As a salient feature of the invention, a rigid mounting framework 70 (FIGS. 3, 4) is employed to conveniently and directly mount an input arrangement 72 to the back wall 16 of the panel 10. As is standard practice, the input arrangement 72 is adapted to be connected with an auxiliary source of power, such as a generator, in the event of a primary or utility power outage. Referring to FIGS. 3 and 4, mounting framework 70 comprises a pair of identical, parallel, spaced side brackets 74 and a substantially flat face plate 76 having an upper ledge 78 engageable with the downwardly facing side surface of the breaker module containing circuit breaker switches 30, 34. Each side bracket 74 has a side plate 80 which is suitably bent at approximately 90° relative to an outwardly directed rearward end 82 attached to the back wall 16 by fasteners 84, and relative to an inwardly directed forward end 86 attached to the face plate 76 by screws 88. The face plate 76 is appropriately formed with a central, circular opening 90 flanked generally equidistantly on each side thereof by a rectangular opening 92. Input arrangement 72 includes a plug-like input device 94 in the form of a receptacle having a generally cylindrical body 96 which projects at its forward end through the central opening 90, and a circular collar 98 which overlies the face plate 76 and is secured thereto by screws 100. The input device 94 has four male terminals 102 generally spaced 90° apart for receiving the female end of a plug from the generator. Input arrangement 72 further includes a pair of watt meters 104 used to monitor the power delivered by the generator. Each of the watt meters 104 has a convexly-shaped window 106 which projects through a respective rectangular opening 92 and is attached to the inside of the face plate 76 by retainers 108. As best seen in FIG. 1, the inner panel 52 of front cover 14 is suitably knocked out so that when attached to the back wall 16 by mounting framework 70, input arrangement 72 lies directly below and in alignment with the circuit breaker switches 30, 32, 34, 36. Input arrangement 72 is conveniently accessible via the access door 62 and is incorporated directly into the enclosed load panel 10, in contrast to the prior art input arrangement which is inconveniently located in a separate enclosure adjacent to the load center.
In order to electrically connect the input arrangement 72 with the remaining components in panel 10, the input device 94 and the watt meters 104 are provided with terminals 11 0 for connection with suitable wiring. In particular, a pair of wires 112 runs between the input device 94 and each of the watt meters 104. A second wire 114 and a third 10 wire 116 run from each of the watt meters 104 to respective connections with the generator supply circuit breaker switches 34, 36. A fourth wire 118 extends from the input device 94 to the grounding bar 18 and a fifth wire 120 extends from the input device 94 to the neutral bar 28.
FIG. 2 illustrates a representation of a switching operation occurring during a typical utility power interruption. Normally (opposite to that shown in FIG. 2), the branch circuit breaker switches 42, 44 are in the ON position, circuit breaker switches 30, 32 are in the ON position and circuit breaker switches 34, 36 are in the OFF position under usual conditions when electrical utility power is uninterrupted and fully available. With switches 30, 32 ON, the bus panel 26 is fed from the electrical utility. Switches 34, 36 are OFF so no power can be transmitted either to or from the generator. In the event of a utility power failure, interlock 46 enables utility supply switches 30, 32 to turn OFF, and generator supply switches 34, 36 to turn ON as illustrated in FIG. 2, and branch circuit breaker switches 42, 44 are turned OFF. At this point, a power cord is plugged into the receptacle of the input device 94 and the generator is started. With auxiliary power now available in place of the utility power, the branch circuit breaker switches 42, 44 are selectively manually turned ON as desired to complete the respective circuits to their particular appliance loads. While performing the switching function, the user carefully monitors the watt meters 104 so as to balance the loads and not exceed the capacity of the generator. Since switches 30, 32 are OFF, generator power cannot be fed to the utility supply. Likewise, if power is restored, it will not be fed to the bus panel 26. In the event of a power restoration, the generator is shut off and unplugged. Circuit breaker switches 30, 32, and 34, 36 are respectively turned ON and OFF and branch circuit breaker switches 42, 44 are turned ON.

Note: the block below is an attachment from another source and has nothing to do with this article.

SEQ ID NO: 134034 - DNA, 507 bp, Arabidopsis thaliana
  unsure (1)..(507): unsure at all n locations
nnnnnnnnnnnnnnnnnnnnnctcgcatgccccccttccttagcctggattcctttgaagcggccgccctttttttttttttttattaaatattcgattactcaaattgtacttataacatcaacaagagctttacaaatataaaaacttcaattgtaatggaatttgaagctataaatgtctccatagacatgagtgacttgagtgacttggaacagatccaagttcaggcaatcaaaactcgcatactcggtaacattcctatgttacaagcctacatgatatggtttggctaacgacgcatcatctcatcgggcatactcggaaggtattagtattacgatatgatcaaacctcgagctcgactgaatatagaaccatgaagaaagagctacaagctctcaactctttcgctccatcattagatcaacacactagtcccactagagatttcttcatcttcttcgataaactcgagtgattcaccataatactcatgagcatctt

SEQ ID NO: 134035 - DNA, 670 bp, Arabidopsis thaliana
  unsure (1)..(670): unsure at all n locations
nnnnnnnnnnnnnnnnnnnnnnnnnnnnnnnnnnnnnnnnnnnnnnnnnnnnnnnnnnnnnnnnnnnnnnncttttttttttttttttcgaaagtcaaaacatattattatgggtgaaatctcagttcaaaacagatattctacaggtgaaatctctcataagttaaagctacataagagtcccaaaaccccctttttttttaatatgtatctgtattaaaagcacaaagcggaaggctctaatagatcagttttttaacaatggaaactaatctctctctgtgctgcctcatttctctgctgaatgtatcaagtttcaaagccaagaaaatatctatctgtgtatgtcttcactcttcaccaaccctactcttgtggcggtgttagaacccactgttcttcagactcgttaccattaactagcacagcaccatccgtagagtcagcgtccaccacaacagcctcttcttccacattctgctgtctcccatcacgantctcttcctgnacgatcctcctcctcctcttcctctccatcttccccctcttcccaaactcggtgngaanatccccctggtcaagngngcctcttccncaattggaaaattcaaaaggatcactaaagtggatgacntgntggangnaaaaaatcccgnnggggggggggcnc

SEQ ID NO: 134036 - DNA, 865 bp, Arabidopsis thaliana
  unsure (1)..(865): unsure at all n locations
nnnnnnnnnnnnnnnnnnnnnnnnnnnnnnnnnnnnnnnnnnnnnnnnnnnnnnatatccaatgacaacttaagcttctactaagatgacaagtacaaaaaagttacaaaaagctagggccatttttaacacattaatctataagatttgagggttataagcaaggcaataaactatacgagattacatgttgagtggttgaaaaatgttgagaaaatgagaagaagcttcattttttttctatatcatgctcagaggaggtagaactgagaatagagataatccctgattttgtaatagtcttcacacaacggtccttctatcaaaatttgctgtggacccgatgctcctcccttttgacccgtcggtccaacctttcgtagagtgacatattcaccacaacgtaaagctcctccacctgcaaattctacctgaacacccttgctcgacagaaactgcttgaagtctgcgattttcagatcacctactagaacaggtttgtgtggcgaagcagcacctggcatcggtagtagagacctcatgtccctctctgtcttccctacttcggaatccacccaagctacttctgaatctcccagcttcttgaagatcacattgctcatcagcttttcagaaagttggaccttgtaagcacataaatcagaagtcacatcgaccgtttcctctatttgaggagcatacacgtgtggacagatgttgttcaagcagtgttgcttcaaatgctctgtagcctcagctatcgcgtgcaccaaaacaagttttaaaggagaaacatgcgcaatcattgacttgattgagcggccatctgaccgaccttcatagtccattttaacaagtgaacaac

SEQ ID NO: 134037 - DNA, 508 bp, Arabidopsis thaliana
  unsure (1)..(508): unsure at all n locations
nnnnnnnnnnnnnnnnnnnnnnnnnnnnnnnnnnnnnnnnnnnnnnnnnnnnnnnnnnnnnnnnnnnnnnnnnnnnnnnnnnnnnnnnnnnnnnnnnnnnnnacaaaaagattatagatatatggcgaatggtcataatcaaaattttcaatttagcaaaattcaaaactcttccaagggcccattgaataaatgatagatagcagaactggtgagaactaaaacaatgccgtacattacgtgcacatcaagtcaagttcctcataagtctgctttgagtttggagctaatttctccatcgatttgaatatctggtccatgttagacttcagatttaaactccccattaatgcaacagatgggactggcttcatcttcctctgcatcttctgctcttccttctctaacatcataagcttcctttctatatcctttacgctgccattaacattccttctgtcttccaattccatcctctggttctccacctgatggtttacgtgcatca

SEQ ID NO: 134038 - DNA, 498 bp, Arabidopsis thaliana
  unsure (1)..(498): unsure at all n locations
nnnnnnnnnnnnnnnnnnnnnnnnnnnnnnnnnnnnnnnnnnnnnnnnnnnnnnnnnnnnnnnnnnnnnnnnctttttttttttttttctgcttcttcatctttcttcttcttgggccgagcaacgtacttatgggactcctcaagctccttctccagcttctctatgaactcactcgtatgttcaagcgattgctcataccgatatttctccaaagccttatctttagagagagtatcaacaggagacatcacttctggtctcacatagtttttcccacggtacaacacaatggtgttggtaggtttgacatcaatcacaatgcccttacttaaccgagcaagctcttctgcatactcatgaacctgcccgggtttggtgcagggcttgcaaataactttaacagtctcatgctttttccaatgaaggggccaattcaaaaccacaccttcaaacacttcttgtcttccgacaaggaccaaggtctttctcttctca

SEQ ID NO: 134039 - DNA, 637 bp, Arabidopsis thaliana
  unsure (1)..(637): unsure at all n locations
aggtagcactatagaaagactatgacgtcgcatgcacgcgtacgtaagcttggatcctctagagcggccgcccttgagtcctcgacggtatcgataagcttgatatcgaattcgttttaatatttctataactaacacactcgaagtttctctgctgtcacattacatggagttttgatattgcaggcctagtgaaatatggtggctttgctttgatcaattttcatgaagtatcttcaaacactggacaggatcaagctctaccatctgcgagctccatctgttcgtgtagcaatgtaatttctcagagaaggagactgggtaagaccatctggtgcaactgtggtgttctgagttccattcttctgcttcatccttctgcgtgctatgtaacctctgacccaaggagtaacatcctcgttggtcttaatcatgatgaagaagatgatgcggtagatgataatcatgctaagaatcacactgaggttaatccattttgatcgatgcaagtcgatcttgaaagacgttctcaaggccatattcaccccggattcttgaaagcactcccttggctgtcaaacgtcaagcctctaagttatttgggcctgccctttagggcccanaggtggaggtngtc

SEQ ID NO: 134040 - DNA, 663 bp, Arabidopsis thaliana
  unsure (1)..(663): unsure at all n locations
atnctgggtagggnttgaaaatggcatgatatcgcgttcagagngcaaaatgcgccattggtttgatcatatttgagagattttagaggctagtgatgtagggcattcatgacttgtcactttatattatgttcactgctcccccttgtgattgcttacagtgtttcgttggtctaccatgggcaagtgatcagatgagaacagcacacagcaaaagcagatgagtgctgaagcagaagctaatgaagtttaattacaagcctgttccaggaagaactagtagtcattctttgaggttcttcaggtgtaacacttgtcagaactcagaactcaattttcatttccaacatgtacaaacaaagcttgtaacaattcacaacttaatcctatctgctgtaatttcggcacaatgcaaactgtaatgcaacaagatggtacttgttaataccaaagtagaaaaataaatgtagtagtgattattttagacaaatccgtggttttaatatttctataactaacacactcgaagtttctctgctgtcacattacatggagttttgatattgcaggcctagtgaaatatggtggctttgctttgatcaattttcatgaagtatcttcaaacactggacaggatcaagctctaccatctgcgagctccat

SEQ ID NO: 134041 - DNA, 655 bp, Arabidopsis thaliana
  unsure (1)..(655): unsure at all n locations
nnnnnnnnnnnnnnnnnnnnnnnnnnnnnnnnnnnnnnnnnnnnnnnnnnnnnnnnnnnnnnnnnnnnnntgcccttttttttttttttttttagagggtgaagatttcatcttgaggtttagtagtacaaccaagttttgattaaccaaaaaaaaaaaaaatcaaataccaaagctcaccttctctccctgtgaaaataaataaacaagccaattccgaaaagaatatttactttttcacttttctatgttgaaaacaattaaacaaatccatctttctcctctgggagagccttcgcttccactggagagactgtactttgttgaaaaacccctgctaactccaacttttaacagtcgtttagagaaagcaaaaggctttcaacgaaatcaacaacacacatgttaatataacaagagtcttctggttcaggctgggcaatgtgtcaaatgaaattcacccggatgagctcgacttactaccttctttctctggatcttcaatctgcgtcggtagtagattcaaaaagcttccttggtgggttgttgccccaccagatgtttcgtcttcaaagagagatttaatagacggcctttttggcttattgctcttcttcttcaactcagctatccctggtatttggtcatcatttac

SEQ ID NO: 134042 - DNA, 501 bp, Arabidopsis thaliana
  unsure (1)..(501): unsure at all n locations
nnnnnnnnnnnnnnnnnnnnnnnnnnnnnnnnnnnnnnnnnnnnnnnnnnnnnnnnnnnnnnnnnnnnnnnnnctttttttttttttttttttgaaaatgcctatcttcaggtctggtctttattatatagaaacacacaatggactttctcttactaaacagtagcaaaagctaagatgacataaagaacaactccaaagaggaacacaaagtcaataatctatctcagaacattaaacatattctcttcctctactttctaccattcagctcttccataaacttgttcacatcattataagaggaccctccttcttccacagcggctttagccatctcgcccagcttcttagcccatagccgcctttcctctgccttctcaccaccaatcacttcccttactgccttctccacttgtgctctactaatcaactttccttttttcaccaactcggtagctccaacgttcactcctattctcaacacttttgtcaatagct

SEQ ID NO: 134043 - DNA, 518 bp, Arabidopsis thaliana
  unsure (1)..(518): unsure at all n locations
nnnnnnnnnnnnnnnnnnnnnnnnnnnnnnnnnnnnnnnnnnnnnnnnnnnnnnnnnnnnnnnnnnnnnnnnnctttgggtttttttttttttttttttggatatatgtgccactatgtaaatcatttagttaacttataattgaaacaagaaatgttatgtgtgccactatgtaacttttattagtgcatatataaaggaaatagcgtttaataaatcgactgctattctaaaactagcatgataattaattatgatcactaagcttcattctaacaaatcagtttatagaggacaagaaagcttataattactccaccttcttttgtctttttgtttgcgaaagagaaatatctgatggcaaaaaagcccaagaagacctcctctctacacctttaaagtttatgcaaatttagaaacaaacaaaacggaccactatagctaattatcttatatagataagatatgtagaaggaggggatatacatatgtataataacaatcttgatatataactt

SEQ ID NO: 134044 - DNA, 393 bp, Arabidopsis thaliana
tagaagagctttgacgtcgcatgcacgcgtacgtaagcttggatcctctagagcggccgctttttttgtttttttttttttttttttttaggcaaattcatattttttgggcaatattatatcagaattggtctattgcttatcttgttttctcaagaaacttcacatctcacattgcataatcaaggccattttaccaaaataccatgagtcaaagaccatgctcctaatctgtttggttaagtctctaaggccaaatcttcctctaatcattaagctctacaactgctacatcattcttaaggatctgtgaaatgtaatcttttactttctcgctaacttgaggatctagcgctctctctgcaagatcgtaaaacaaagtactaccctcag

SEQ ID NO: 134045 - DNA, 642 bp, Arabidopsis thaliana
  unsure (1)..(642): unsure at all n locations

It should be appreciated that the present invention provides a simple, economical and safe interface for a power input transfer panel 10 which ensures that electrical power can be supplied at all times to circuits interconnected to various appliances. Unlike the prior art transfer switches, an input arrangement associated with an auxiliary source of power is integrated into a load center enclosure which markedly improves service response and reduces installation costs. The mounting framework is effective to support the input arrangement yet is easy to install and does not result in a great increase in cost over the regular cost of the power input transfer panel.
While the invention has been described with reference to a preferred embodiment, those skilled in the art will appreciate that certain substitutions, alterations and omissions may be made without departing from the spirit thereof. For example, although the input arrangement 72 preferably comprises a pair of watt meters 104, it should be understood that a pair of ammeters may also be employed in lieu thereof to monitor electrical power. Accordingly, the foregoing description is meant to be exemplary only, and should not be deemed limitative on the scope of the invention set forth with following claims.
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|US20140063693 *||9 Oct 2013||6 Mar 2014||Christopher A. Weighell||Electrical Distribution Panel|
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|U.S. Classification||361/664, 361/825|
|Cooperative Classification||H02B1/056, H01H2300/018|
|3 Jun 1996||AS||Assignment|
Owner name: RELIANCE TIME CONTROLS, INC., WISCONSIN
Free format text: ASSIGNMENT OF ASSIGNORS INTEREST;ASSIGNOR:FLEGEL, DAVID D.;REEL/FRAME:007966/0794
Effective date: 19960401
|1 Mar 1999||AS||Assignment|
Owner name: RELIANCE CONTROLS CORPORATION, WISCONSIN
Free format text: CHANGE OF NAME;ASSIGNOR:RELIANCE TIME CONTROLS, INC.;REEL/FRAME:009790/0330
Effective date: 19990111
|3 Dec 2001||FPAY||Fee payment|
Year of fee payment: 4
|26 Dec 2001||REMI||Maintenance fee reminder mailed|
|23 Nov 2005||FPAY||Fee payment|
Year of fee payment: 8
|20 Nov 2009||FPAY||Fee payment|
Year of fee payment: 12